Study: How genetics markers could help kids with fetal alcohol spectrum disorder

It’s the leading known cause of preventable developmental disability in Canada and affects between two to five per cent of North American children.

Fetal alcohol spectrum disorder (FASD) is a range of physical, cognitive and behavioural deficits that result from prenatal (drinking while pregnant) alcohol exposure. While the exact pathology of the disorder is unclear, a team led by UBC researchers has made a big step in understanding how it works.

The study, conducted by Elodie Portales-Casamar — an assistant professor in UBC’s pediatrics department — and PhD student Alex Lussier of UBC’s Child and Family Research Institute, is the largest human study of FASD genetics to date. Over the past three years, in collaboration with the Kids Brain Health Organization (previously NeuroDevNet), the team has been uncovering distinct DNA patterns that differ between children with and without FASD.

“What we’ve identified is what we could call a signature of difference between these two groups of kids,” said Portales-Casamar.

This “signature” has to do with DNA methylation — an epigenetic mechanism found in all cells. Epigenetics is what turns some genes “on and off” in different cells — it controls how genes are expressed, and it can be influenced by environmental factors like smoking, stress, poor nutrition and alcohol.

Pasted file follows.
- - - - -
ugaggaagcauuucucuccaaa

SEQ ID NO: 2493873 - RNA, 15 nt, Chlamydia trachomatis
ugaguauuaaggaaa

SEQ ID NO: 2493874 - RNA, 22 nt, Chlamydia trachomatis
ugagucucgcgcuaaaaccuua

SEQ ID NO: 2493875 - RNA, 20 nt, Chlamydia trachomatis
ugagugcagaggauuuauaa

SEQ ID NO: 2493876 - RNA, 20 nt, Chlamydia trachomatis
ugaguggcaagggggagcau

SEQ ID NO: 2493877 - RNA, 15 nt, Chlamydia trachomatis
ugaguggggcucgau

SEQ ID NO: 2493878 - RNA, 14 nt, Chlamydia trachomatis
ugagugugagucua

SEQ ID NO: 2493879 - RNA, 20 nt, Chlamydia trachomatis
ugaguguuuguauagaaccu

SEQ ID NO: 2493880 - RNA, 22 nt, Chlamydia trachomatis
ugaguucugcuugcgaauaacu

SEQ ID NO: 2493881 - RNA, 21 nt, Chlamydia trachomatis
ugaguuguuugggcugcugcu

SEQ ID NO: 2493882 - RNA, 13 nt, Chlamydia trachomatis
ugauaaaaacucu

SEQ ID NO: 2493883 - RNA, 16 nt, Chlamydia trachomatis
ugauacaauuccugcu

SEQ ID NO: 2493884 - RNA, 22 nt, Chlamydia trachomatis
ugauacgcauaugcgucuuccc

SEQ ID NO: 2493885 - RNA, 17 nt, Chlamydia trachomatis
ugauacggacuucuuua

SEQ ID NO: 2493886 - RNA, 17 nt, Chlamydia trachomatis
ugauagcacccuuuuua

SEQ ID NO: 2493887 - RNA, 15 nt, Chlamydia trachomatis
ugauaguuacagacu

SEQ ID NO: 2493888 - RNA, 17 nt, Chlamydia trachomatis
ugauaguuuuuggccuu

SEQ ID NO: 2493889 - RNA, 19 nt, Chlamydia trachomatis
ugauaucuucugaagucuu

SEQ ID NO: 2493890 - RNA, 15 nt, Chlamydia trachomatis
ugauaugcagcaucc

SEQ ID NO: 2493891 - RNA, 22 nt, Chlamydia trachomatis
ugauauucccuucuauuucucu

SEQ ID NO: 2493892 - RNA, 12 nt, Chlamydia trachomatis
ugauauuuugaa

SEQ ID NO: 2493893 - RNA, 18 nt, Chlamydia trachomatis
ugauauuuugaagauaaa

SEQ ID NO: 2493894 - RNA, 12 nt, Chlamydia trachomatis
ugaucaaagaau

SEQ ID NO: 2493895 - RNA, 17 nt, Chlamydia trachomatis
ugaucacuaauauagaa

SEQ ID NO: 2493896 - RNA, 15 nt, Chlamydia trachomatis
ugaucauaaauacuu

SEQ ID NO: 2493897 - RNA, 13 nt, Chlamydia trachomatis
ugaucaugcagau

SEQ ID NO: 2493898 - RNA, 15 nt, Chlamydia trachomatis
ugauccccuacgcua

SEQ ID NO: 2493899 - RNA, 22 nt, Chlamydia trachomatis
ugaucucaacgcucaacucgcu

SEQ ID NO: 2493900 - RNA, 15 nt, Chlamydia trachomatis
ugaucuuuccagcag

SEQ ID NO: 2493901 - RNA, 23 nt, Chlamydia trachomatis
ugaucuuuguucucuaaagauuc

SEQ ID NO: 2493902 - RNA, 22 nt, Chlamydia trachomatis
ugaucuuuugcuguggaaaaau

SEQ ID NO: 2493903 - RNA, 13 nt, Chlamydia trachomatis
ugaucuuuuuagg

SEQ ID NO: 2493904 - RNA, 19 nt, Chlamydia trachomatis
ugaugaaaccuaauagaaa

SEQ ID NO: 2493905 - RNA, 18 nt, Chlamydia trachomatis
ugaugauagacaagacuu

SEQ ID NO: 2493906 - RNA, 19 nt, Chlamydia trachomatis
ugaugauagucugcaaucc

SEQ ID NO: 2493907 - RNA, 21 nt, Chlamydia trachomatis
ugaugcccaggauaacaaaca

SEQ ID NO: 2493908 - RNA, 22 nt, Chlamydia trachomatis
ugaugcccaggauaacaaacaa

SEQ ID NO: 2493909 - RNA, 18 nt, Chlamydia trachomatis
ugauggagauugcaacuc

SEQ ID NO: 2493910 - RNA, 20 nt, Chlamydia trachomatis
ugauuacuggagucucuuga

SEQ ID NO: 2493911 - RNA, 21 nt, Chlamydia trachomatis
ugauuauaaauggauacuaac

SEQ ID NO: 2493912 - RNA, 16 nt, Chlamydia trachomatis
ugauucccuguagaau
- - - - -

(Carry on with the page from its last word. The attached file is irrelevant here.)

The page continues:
The researchers specifically found 658 DNA sites that had significantly different methylation in kids with FASD, compared to normally developing kids.

Finding a pattern like this opens up the possibility of identifying a set of markers for the condition in the future. Having such biomarkers, Portales-Casamar explained, could eventually help with earlier diagnosis and intervention in children. They could also help differentiate between different developmental disorders involving the brain that may present similar symptoms in children.

“There’s a very rich data set now that’s available to further our understanding of FASD and the underlying brain differences that you can observe in children with this disorder,” noted Portales-Casamar.

The data includes MRI scans, genetics, clinical and eye-tracking data — a tool that helps with the diagnosis of FASD — on the children who participated in the study.

The Kids Brain Health Network  — a trans-Canada network of researchers on brain development led by Dan Goldowitz, a Canada Research Chair and UBC professor based in BC — is providing the platform for researchers studying different brain development disorders to share their information.

Portales-Casamar described that this collaboration is allowing investigators to look across different disorders (like autism, cerebral palsy and sleep disorders) to see if they hold anything in common.

“There’s a large overlap for sure,” noted Portales-Casamar. Many of the genes identified in this study, she said, involve brain development in general and not specifically FASD.

Currently, the group is working on validating these results in different groups of children. Due to the subtle nature of these epigenetic patterns, such a study “wouldn’t be feasible with smaller cohorts,” added Portales-Casamar .

Lussier also added that while there is already a significant body of work done on FASD in animal models, many of the molecular findings of those studies haven’t yet been related back to humans. That’s where their work came in.

“This is really one of the first studies of its kind and it's really setting the tone for the next generation of these kinds of studies in humans.”